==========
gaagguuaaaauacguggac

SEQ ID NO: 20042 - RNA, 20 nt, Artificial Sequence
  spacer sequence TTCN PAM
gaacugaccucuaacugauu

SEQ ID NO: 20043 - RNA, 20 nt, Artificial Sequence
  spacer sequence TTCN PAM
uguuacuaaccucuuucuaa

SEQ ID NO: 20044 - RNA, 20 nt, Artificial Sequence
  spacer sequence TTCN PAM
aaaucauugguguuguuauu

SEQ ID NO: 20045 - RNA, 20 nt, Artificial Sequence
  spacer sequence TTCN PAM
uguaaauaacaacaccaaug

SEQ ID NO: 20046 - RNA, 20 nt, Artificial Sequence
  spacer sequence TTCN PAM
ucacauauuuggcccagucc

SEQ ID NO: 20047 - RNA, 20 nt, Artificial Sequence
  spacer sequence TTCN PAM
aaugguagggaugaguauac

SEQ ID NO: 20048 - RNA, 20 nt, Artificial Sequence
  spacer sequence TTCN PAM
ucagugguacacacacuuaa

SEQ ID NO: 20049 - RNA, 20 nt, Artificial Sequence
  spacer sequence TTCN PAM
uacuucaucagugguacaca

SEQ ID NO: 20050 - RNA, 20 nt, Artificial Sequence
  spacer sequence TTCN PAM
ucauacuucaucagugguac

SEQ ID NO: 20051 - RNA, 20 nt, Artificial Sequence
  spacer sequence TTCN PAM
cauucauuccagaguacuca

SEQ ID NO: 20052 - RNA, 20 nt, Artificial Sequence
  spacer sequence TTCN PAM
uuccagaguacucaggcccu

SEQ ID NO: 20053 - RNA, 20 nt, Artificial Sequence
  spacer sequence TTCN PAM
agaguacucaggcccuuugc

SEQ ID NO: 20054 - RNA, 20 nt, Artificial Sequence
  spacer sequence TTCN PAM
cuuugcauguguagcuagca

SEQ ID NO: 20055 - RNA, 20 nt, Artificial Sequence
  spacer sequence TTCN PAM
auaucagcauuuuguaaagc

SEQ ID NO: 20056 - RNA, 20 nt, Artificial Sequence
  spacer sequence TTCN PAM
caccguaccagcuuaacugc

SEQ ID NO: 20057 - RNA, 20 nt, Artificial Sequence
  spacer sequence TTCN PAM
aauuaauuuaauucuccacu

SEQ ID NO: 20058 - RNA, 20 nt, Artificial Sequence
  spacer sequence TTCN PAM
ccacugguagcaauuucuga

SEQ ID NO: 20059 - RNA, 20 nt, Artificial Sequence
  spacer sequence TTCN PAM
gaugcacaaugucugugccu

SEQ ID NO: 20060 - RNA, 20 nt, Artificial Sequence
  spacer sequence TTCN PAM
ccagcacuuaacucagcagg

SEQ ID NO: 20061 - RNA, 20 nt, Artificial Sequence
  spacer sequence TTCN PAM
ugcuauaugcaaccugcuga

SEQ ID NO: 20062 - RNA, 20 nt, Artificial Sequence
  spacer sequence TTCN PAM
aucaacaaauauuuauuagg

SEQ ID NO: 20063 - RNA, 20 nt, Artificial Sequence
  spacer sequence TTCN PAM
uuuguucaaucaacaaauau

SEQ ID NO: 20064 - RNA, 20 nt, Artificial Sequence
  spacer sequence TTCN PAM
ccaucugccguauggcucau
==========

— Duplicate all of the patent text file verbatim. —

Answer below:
gaagguuaaaauacguggac

SEQ ID NO: 20042 - RNA, 20 nt, Artificial Sequence
  spacer sequence TTCN PAM
gaacugaccucuaacugauu

SEQ ID NO: 20043 - RNA, 20 nt, Artificial Sequence
  spacer sequence TTCN PAM
uguuacuaaccucuuucuaa

SEQ ID NO: 20044 - RNA, 20 nt, Artificial Sequence
  spacer sequence TTCN PAM
aaaucauugguguuguuauu

SEQ ID NO: 20045 - RNA, 20 nt, Artificial Sequence
  spacer sequence TTCN PAM
uguaaauaacaacaccaaug

SEQ ID NO: 20046 - RNA, 20 nt, Artificial Sequence
  spacer sequence TTCN PAM
ucacauauuuggcccagucc

SEQ ID NO: 20047 - RNA, 20 nt, Artificial Sequence
  spacer sequence TTCN PAM
aaugguagggaugaguauac

SEQ ID NO: 20048 - RNA, 20 nt, Artificial Sequence
  spacer sequence TTCN PAM
ucagugguacacacacuuaa

SEQ ID NO: 20049 - RNA, 20 nt, Artificial Sequence
  spacer sequence TTCN PAM
uacuucaucagugguacaca

SEQ ID NO: 20050 - RNA, 20 nt, Artificial Sequence
  spacer sequence TTCN PAM
ucauacuucaucagugguac

SEQ ID NO: 20051 - RNA, 20 nt, Artificial Sequence
  spacer sequence TTCN PAM
cauucauuccagaguacuca

SEQ ID NO: 20052 - RNA, 20 nt, Artificial Sequence
  spacer sequence TTCN PAM
uuccagaguacucaggcccu

SEQ ID NO: 20053 - RNA, 20 nt, Artificial Sequence
  spacer sequence TTCN PAM
agaguacucaggcccuuugc

SEQ ID NO: 20054 - RNA, 20 nt, Artificial Sequence
  spacer sequence TTCN PAM
cuuugcauguguagcuagca

SEQ ID NO: 20055 - RNA, 20 nt, Artificial Sequence
  spacer sequence TTCN PAM
auaucagcauuuuguaaagc

SEQ ID NO: 20056 - RNA, 20 nt, Artificial Sequence
  spacer sequence TTCN PAM
caccguaccagcuuaacugc

SEQ ID NO: 20057 - RNA, 20 nt, Artificial Sequence
  spacer sequence TTCN PAM
aauuaauuuaauucuccacu

SEQ ID NO: 20058 - RNA, 20 nt, Artificial Sequence
  spacer sequence TTCN PAM
ccacugguagcaauuucuga

SEQ ID NO: 20059 - RNA, 20 nt, Artificial Sequence
  spacer sequence TTCN PAM
gaugcacaaugucugugccu

SEQ ID NO: 20060 - RNA, 20 nt, Artificial Sequence
  spacer sequence TTCN PAM
ccagcacuuaacucagcagg

SEQ ID NO: 20061 - RNA, 20 nt, Artificial Sequence
  spacer sequence TTCN PAM
ugcuauaugcaaccugcuga

SEQ ID NO: 20062 - RNA, 20 nt, Artificial Sequence
  spacer sequence TTCN PAM
aucaacaaauauuuauuagg

SEQ ID NO: 20063 - RNA, 20 nt, Artificial Sequence
  spacer sequence TTCN PAM
uuuguucaaucaacaaauau

SEQ ID NO: 20064 - RNA, 20 nt, Artificial Sequence
  spacer sequence TTCN PAM
ccaucugccguauggcucau